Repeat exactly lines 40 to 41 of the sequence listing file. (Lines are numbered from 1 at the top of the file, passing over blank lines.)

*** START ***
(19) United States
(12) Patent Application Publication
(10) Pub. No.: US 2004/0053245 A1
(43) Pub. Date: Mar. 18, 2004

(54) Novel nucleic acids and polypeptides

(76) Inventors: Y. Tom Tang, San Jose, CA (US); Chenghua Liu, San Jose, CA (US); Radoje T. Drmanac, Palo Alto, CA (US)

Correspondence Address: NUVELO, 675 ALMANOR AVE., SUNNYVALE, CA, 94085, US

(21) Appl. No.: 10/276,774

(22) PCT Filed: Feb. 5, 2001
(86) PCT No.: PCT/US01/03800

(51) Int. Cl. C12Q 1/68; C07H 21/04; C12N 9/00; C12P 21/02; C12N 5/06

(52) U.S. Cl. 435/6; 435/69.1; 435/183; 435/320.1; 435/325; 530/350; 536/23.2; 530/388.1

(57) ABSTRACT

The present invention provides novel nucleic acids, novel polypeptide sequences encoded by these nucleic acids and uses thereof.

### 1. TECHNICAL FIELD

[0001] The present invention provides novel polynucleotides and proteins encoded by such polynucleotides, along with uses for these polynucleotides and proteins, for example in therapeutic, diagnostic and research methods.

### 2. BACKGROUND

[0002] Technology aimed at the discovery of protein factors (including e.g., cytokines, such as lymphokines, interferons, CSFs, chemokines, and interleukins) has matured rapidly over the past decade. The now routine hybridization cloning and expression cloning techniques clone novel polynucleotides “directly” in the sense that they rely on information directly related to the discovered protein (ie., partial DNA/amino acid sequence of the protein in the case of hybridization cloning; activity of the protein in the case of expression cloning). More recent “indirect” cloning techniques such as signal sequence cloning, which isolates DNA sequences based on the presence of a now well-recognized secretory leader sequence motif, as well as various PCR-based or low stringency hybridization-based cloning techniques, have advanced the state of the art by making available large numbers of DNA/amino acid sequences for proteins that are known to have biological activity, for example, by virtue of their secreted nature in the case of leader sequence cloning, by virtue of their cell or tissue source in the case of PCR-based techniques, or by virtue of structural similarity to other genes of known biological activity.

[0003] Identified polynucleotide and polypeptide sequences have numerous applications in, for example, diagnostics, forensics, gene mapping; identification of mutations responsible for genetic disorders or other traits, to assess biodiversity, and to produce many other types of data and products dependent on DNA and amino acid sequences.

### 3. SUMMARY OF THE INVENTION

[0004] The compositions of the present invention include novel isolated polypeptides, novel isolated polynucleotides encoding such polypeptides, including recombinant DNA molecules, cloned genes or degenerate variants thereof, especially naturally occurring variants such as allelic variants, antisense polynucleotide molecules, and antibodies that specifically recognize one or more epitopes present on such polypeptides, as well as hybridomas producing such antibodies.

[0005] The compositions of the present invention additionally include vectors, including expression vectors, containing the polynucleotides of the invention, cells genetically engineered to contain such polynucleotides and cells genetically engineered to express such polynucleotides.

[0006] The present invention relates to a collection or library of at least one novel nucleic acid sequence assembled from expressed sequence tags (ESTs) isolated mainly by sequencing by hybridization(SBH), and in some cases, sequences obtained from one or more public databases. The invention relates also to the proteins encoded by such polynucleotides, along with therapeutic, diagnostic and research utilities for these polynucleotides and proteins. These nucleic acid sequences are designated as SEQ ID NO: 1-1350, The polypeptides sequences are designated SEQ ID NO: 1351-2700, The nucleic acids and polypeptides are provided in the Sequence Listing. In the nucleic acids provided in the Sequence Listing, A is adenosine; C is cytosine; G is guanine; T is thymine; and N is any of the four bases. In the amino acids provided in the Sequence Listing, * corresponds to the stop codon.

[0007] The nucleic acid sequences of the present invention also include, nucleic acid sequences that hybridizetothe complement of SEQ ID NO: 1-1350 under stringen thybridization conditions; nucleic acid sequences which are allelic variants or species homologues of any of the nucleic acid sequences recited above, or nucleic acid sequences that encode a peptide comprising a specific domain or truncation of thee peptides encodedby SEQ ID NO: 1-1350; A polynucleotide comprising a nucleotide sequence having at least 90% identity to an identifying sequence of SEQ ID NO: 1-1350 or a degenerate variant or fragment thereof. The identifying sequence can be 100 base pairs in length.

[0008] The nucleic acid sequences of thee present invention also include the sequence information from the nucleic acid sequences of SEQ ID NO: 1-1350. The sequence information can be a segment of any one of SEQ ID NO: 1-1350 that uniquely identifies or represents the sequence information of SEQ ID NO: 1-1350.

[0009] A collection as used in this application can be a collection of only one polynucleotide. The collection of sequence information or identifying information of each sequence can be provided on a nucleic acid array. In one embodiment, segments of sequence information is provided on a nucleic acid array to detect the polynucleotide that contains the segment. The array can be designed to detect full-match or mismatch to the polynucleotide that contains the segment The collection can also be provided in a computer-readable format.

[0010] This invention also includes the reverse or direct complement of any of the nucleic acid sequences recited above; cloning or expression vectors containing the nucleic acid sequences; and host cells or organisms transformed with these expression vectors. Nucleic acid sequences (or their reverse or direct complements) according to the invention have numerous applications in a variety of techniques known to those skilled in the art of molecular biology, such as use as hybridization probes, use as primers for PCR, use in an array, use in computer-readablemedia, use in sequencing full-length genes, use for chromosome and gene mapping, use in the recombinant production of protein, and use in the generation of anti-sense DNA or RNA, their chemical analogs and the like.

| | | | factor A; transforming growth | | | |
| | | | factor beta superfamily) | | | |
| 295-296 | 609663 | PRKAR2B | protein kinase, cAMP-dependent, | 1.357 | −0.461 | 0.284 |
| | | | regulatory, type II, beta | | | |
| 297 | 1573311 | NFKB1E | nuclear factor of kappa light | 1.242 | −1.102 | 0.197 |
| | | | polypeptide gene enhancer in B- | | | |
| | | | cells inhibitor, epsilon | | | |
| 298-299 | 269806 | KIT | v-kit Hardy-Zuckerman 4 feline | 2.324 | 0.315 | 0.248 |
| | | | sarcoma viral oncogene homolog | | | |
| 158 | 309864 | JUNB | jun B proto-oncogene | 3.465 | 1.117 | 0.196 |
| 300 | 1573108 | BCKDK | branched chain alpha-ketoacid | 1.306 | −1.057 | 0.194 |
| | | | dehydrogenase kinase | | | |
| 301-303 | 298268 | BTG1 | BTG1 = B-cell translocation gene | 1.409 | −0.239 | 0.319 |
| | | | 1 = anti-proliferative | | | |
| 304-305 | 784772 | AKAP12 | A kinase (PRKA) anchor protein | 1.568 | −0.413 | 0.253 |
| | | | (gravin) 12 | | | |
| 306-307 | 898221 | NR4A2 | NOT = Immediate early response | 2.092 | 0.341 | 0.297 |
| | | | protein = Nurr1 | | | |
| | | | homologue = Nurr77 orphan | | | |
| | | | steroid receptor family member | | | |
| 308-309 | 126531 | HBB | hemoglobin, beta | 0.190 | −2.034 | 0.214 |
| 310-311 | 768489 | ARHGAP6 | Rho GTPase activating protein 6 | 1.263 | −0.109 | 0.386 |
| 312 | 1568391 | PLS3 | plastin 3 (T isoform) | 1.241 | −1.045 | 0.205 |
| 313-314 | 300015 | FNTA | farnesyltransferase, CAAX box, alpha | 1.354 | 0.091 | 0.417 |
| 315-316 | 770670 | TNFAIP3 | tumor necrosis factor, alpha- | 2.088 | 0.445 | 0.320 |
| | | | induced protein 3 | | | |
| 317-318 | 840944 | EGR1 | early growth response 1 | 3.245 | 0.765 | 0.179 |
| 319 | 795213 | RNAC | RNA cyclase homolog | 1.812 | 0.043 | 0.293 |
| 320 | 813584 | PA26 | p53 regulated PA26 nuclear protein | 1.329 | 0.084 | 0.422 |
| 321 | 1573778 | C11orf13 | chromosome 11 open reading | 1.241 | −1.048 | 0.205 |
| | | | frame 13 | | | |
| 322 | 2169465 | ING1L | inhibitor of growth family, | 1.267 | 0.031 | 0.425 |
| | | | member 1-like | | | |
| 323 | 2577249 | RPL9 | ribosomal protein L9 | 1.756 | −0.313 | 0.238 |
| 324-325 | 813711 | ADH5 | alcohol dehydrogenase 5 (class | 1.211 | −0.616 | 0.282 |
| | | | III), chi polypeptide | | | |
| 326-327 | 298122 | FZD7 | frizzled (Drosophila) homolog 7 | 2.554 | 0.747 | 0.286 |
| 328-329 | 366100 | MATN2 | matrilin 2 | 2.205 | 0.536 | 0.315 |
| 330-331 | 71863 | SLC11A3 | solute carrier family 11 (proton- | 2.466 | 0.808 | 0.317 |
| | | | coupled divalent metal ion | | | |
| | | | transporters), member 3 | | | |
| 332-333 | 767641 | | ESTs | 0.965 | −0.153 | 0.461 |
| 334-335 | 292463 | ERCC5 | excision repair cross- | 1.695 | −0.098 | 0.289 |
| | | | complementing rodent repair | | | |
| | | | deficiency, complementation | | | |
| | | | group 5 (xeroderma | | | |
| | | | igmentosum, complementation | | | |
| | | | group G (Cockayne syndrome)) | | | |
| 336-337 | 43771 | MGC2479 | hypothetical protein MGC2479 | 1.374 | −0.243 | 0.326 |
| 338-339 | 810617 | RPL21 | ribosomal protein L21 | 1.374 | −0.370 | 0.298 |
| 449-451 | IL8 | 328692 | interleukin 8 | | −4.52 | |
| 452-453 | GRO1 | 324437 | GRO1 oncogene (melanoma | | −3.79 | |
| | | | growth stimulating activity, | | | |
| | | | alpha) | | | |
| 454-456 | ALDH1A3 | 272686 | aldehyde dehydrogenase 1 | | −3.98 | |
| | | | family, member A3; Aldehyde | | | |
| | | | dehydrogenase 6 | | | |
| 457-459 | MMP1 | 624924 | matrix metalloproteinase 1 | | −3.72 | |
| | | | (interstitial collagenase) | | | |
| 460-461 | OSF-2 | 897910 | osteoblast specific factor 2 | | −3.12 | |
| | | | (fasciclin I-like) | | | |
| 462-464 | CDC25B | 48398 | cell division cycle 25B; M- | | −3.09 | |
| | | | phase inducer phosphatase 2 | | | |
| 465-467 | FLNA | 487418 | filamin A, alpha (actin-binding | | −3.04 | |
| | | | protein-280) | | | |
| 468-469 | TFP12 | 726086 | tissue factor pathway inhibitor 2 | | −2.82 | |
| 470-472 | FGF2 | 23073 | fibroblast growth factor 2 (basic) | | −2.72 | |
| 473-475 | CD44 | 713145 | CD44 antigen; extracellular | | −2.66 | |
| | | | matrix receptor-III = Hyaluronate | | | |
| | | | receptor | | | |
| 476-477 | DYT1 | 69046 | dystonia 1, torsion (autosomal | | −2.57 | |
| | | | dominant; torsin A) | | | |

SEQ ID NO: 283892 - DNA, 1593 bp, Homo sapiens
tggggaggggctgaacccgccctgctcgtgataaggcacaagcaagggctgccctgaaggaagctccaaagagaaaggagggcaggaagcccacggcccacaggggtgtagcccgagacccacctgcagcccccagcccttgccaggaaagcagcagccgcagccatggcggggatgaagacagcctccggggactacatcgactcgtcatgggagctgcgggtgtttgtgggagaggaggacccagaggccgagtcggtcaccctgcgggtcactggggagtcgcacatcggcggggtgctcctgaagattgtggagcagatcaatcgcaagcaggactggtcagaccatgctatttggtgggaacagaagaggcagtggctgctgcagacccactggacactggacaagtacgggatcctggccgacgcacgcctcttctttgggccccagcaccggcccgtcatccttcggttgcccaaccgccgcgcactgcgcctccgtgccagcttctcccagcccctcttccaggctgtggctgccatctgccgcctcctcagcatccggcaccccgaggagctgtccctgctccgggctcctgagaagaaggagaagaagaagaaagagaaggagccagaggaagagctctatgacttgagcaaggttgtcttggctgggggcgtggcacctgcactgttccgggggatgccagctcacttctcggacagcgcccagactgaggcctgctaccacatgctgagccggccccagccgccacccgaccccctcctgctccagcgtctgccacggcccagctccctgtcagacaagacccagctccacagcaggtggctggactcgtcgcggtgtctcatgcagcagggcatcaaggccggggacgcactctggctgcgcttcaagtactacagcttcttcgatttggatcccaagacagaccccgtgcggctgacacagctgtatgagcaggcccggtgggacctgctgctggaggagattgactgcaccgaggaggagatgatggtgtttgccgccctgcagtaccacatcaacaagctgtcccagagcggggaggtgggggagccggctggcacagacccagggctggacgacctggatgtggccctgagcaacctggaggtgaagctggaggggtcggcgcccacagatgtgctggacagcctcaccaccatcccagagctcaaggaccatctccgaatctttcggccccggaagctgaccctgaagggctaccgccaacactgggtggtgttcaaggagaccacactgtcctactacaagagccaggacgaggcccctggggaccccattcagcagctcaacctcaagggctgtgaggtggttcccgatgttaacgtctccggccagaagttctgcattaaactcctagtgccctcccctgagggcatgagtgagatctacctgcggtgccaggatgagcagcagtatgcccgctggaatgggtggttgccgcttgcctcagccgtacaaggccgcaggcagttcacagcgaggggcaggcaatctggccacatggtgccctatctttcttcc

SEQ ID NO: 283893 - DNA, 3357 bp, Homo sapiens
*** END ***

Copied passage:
| 301-303 | 298268 | BTG1 | BTG1 = B-cell translocation gene | 1.409 | −0.239 | 0.319 |
| | | | 1 = anti-proliferative | | | |